• rental abate­ment; and
  • sig­nage fee abatement.

The Incen­tive Deed also con­tained stan­dard claw-back pro­vi­sions with respect to the fit-out con­tri­bu­tion and rental abate­ment which, in sum­ma­ry provided:

(a) [with respect to the fit-out con­tri­bu­tion] if the Lease was ter­mi­nat­ed pri­or to the expi­ra­tion of the ini­tial term, the Ten­ant will pay the Land­lord a sum cal­cu­lat­ed by mul­ti­ply­ing the num­ber of days between the date the Lease is ter­mi­nat­ed and the expiry date by the amount of the con­tri­bu­tion, and divid­ed by the num­ber of days of the ini­tial term; and

(b) [with respect to the rental abate­ment] if the Land­lord ter­mi­nates the Lease due to the Tenant’s default, the Land­lord has against the Ten­ant a liq­ui­dat­ed debt and the Ten­ant must pay the Rent Abate­ment Amount [as defined in the Incen­tive Deed] that has been abat­ed by the Tenant.

The mat­ter was brought before Her Hon­our Jus­tice Dal­ton by appli­ca­tion of the First, Sec­ond and Third Defen­dants for sum­ma­ry judgement.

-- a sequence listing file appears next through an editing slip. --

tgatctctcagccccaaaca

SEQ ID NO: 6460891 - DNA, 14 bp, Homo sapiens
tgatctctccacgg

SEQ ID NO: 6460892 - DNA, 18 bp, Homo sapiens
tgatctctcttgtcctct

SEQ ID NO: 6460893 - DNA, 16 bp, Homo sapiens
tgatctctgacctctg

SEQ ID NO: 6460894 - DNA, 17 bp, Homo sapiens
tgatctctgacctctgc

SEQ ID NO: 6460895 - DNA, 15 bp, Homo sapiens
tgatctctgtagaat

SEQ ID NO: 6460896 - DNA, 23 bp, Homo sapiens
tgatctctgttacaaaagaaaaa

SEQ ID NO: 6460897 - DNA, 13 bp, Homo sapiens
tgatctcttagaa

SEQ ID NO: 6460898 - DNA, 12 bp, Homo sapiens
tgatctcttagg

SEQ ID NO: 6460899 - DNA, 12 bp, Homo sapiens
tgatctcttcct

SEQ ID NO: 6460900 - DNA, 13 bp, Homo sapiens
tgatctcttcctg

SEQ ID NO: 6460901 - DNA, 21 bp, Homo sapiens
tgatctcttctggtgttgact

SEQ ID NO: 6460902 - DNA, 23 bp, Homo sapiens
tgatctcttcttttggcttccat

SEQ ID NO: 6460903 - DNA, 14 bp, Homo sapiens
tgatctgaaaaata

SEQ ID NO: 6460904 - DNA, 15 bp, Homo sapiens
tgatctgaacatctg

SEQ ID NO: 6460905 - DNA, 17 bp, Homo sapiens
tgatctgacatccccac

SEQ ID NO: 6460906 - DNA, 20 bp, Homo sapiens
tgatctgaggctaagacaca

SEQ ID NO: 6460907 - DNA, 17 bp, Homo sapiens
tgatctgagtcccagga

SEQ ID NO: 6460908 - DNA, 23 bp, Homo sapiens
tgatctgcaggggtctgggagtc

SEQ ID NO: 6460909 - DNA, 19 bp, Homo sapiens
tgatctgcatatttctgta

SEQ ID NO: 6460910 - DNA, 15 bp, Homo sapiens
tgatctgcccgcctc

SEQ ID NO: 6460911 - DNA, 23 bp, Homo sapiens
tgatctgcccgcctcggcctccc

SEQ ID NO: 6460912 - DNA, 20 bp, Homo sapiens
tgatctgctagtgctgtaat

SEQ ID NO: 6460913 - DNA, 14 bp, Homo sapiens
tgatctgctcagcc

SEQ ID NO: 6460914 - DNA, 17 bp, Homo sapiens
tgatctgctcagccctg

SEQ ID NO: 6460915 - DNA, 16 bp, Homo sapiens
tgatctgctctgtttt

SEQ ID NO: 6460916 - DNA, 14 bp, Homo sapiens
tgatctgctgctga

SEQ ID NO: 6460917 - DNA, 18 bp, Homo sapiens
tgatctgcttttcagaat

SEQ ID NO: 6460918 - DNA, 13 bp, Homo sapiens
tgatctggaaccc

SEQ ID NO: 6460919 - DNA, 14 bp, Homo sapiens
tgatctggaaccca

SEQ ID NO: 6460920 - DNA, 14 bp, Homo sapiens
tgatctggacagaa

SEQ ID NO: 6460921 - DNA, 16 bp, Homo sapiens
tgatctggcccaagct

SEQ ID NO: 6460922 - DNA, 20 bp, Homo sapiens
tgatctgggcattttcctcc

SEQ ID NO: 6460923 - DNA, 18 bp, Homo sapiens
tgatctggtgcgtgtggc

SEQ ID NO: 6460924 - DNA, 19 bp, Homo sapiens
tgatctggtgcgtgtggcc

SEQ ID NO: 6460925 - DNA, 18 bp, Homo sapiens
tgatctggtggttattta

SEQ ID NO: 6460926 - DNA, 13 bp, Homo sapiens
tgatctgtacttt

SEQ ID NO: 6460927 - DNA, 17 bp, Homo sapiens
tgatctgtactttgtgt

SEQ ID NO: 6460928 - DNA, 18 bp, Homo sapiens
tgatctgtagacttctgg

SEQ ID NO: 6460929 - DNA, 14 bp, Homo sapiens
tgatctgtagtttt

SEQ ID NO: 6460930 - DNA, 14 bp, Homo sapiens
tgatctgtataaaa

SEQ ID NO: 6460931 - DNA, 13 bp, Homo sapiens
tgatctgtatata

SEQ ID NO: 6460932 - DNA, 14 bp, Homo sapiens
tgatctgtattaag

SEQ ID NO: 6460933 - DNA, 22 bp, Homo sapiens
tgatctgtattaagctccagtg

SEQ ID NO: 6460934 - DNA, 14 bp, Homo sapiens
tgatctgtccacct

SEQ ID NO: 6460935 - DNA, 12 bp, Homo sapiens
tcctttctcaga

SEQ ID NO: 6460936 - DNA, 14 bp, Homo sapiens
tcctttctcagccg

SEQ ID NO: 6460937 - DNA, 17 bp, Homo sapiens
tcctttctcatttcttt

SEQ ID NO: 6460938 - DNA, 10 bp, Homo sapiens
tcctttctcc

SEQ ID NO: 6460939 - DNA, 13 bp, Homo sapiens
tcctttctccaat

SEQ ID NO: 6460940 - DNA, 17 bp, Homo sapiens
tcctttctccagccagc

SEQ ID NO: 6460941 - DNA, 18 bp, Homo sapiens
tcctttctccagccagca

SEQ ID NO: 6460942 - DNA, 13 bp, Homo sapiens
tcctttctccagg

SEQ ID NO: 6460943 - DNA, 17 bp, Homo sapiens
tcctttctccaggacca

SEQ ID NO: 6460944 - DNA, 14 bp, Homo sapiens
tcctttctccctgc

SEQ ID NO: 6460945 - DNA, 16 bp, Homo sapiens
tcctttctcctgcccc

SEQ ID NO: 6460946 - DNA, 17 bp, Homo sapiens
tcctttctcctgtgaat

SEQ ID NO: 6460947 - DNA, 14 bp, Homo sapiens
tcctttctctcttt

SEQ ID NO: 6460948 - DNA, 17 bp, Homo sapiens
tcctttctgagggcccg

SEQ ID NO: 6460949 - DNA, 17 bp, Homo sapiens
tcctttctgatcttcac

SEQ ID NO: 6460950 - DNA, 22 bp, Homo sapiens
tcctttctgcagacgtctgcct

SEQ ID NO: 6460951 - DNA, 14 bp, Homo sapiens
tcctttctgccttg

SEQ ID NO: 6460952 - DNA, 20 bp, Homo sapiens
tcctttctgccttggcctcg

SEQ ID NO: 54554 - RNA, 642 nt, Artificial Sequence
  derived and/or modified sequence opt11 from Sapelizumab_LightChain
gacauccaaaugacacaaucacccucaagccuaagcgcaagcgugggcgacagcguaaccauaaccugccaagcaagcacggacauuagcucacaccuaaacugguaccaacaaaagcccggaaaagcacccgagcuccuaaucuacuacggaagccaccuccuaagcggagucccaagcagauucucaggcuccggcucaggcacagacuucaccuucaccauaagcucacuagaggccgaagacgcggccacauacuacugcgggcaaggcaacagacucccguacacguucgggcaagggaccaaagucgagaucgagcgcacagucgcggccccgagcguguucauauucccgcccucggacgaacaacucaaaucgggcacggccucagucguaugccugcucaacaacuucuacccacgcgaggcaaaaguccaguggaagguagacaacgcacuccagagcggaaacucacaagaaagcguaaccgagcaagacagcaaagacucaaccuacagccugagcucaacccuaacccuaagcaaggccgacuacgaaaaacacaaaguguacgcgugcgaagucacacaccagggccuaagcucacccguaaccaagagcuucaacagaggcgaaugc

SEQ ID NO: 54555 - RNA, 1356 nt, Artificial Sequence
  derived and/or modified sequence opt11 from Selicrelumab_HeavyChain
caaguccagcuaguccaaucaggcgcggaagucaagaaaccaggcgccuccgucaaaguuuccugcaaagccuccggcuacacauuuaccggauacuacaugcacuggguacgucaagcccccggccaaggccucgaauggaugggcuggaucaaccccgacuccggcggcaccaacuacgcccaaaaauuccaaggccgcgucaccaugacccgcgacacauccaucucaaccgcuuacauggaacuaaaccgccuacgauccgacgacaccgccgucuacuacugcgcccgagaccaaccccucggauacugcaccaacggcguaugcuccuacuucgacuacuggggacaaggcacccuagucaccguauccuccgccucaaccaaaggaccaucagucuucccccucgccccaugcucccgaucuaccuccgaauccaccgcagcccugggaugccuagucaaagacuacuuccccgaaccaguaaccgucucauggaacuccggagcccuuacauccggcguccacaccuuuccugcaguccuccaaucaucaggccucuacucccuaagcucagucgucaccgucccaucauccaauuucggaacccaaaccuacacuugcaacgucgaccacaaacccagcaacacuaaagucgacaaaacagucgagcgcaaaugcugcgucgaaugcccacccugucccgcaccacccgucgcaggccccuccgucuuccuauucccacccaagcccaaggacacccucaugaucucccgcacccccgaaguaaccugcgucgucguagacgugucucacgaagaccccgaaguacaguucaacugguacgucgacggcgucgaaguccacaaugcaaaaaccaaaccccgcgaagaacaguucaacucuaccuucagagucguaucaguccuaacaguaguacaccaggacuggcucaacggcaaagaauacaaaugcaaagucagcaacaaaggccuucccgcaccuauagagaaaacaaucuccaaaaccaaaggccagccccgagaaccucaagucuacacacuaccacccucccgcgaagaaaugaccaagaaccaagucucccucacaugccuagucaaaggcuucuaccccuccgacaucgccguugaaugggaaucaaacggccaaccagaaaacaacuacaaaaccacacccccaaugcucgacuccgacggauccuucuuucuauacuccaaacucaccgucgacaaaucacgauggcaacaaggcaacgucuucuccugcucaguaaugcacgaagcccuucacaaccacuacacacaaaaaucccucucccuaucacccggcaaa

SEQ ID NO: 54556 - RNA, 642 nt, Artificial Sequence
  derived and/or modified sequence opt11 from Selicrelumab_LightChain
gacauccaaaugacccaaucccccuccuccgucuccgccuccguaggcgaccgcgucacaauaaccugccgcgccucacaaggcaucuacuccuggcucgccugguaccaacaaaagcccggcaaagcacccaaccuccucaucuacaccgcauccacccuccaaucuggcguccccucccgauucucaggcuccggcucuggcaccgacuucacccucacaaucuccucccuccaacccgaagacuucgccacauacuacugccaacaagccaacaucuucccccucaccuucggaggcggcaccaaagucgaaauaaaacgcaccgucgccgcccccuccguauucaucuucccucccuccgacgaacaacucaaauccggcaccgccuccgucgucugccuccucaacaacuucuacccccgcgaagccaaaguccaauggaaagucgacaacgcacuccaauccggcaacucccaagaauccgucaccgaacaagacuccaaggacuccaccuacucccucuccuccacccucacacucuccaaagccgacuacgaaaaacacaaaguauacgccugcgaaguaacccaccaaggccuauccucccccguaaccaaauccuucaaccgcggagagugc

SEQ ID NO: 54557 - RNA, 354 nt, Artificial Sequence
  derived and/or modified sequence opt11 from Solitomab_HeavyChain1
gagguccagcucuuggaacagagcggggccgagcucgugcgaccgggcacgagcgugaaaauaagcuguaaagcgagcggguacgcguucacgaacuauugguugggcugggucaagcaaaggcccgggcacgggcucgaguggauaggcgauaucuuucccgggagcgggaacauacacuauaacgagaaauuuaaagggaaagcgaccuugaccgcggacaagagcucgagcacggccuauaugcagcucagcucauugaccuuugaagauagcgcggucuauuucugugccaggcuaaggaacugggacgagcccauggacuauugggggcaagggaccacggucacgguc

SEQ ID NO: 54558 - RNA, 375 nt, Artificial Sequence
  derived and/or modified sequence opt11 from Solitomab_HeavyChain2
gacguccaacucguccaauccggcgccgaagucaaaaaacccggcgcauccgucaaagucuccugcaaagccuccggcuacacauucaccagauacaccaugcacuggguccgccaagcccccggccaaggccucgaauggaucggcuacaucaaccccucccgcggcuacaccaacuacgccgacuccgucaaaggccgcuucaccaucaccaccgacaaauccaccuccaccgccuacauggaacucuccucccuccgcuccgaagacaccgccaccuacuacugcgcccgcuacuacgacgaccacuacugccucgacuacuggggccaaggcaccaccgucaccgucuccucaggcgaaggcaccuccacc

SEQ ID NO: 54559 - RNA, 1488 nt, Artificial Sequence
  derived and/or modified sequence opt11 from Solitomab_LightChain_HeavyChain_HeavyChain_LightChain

Her Hon­our con­sid­ered point 1 of Lord Dunedin’s test above, noting:

  • Before the Lease and Incen­tive Deed were signed, the Land­lord was in the posi­tion that the Ten­ant would only enter into the Lease and Incen­tive Deed on the basis it received the abate­ment and fit-out payment.
  • By the bar­gain con­tained in the Lease and Incen­tive Deed, the Land­lord obtained abat­ed rent and fees in con­sid­er­a­tion for its lease of the premis­es, togeth­er with the fit-out payment.